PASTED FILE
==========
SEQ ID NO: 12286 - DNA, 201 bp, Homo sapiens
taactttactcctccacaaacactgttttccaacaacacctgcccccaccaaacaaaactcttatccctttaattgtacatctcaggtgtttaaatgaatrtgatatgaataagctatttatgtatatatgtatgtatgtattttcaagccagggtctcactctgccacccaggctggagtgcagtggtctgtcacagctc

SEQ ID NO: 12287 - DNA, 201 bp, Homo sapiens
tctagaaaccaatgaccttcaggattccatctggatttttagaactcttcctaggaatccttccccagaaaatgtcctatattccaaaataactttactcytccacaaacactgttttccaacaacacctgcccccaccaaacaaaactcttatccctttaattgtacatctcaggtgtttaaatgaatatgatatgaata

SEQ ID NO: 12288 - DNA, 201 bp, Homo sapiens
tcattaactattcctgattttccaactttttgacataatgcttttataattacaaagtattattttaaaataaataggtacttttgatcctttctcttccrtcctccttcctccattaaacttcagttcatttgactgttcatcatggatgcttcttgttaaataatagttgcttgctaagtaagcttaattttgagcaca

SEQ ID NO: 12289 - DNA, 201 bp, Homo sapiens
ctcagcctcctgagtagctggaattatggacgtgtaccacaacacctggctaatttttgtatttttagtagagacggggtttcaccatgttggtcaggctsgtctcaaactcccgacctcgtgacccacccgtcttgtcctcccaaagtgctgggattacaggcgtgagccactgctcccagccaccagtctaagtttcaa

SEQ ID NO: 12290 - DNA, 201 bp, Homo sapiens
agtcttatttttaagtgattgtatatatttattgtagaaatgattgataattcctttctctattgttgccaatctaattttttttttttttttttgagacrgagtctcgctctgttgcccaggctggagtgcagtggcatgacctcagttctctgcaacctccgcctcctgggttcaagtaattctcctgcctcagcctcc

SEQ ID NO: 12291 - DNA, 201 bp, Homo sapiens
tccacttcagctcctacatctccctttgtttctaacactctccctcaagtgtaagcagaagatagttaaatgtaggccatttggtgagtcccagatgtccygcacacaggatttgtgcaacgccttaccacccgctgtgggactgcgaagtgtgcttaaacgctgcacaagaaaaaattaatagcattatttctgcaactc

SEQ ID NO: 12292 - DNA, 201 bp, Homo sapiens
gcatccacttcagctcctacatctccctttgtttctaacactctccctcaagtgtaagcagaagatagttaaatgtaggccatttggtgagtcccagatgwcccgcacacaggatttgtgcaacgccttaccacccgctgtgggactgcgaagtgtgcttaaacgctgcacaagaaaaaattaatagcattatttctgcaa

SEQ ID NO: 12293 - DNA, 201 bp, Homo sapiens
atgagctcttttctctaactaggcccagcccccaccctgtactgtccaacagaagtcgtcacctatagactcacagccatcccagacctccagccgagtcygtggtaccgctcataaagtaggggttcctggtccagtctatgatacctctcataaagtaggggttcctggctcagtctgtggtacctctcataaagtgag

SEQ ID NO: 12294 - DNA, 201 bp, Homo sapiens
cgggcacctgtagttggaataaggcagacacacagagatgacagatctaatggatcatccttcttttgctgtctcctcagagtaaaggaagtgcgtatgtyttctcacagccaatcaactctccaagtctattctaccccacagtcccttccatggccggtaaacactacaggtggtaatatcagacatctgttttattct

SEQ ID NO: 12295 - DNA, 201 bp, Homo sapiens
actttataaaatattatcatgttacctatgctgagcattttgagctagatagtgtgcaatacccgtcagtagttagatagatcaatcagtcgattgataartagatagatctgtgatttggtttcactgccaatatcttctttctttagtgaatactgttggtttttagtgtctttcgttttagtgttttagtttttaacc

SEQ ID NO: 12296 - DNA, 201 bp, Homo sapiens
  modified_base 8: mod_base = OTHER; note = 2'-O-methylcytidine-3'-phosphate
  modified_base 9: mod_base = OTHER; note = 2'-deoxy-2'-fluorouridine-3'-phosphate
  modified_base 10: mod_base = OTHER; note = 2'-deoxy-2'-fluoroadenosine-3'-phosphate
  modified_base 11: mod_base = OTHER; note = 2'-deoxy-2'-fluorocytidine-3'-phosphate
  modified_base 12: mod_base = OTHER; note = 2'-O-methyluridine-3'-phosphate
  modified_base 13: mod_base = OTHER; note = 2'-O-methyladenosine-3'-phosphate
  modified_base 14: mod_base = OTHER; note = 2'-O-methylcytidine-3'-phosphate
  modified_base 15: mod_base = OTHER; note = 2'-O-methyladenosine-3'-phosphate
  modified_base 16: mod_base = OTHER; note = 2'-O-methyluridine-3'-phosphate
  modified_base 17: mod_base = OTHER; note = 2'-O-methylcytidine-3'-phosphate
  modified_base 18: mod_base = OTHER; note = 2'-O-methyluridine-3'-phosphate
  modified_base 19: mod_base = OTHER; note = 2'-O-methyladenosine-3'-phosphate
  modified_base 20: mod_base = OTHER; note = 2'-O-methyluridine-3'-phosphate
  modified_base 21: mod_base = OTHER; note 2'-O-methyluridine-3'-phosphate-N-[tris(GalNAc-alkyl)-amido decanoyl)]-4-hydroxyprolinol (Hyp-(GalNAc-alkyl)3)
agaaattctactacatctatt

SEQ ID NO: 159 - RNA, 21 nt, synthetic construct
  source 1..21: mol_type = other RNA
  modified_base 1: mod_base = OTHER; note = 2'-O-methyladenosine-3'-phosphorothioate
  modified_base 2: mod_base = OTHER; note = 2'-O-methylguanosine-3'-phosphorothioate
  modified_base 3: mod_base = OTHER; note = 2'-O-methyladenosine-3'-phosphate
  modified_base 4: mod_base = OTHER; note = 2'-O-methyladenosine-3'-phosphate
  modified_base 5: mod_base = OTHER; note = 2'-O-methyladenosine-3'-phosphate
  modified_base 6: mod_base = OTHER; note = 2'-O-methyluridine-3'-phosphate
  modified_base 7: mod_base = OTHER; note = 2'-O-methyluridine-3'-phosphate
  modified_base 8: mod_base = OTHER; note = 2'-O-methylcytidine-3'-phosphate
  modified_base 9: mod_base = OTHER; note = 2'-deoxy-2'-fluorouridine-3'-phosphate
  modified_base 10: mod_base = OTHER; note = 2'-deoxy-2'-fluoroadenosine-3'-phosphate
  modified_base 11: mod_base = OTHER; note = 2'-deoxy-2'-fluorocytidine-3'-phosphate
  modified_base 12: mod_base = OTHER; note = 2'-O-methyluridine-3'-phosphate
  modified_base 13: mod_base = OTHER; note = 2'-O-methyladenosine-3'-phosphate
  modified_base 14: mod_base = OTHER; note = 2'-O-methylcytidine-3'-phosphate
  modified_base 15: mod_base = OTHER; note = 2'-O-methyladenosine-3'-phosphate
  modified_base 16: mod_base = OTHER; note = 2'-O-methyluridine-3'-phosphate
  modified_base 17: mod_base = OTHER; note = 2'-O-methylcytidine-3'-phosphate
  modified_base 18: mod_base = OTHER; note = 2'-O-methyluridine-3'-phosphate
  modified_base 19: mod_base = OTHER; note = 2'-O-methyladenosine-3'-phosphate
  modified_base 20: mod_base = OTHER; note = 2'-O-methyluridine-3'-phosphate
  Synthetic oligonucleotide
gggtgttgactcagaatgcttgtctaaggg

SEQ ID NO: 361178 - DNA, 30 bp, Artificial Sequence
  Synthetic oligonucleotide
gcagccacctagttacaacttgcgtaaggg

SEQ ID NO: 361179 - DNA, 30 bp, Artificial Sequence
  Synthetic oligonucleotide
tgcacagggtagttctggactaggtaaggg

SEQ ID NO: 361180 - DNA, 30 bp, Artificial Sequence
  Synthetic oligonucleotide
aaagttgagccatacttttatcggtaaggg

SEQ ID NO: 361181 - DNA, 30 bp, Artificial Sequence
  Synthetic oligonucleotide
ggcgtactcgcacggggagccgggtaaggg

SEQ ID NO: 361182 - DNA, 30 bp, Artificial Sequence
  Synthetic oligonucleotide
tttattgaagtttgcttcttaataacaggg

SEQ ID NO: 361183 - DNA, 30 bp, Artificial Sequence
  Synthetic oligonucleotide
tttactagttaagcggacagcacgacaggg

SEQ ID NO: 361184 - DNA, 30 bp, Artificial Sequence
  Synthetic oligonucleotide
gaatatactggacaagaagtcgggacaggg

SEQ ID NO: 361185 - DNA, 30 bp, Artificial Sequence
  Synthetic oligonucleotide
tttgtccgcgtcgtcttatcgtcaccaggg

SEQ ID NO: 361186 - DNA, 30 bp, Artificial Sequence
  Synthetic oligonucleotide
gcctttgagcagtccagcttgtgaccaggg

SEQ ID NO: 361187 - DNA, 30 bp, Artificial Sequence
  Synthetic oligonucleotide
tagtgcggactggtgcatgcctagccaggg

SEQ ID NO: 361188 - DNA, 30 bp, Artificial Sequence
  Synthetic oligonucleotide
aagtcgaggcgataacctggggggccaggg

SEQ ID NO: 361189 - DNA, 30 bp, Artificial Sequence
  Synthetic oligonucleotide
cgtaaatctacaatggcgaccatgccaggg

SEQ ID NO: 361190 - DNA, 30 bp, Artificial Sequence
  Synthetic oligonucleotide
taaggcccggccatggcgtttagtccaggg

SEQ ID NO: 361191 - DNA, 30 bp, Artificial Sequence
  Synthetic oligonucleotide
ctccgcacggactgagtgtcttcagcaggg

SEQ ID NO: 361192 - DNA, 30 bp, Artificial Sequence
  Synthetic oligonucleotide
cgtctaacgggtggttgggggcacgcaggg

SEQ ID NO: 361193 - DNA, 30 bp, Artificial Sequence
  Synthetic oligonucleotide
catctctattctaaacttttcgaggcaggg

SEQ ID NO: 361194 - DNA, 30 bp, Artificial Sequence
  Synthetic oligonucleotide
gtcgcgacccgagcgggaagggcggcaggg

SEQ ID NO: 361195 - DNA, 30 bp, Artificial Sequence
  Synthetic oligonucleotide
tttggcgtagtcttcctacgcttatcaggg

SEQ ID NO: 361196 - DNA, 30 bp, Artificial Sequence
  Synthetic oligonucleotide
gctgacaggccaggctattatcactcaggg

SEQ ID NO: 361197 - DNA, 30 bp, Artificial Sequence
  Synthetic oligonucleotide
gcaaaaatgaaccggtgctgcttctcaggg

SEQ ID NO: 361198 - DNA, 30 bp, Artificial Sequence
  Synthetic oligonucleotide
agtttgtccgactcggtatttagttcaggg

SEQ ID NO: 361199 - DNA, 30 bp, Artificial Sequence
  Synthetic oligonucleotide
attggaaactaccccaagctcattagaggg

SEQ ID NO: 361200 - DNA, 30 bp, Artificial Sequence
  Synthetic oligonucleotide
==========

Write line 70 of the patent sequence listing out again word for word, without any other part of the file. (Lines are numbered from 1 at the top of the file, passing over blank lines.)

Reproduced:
SEQ ID NO: 361181 - DNA, 30 bp, Artificial Sequence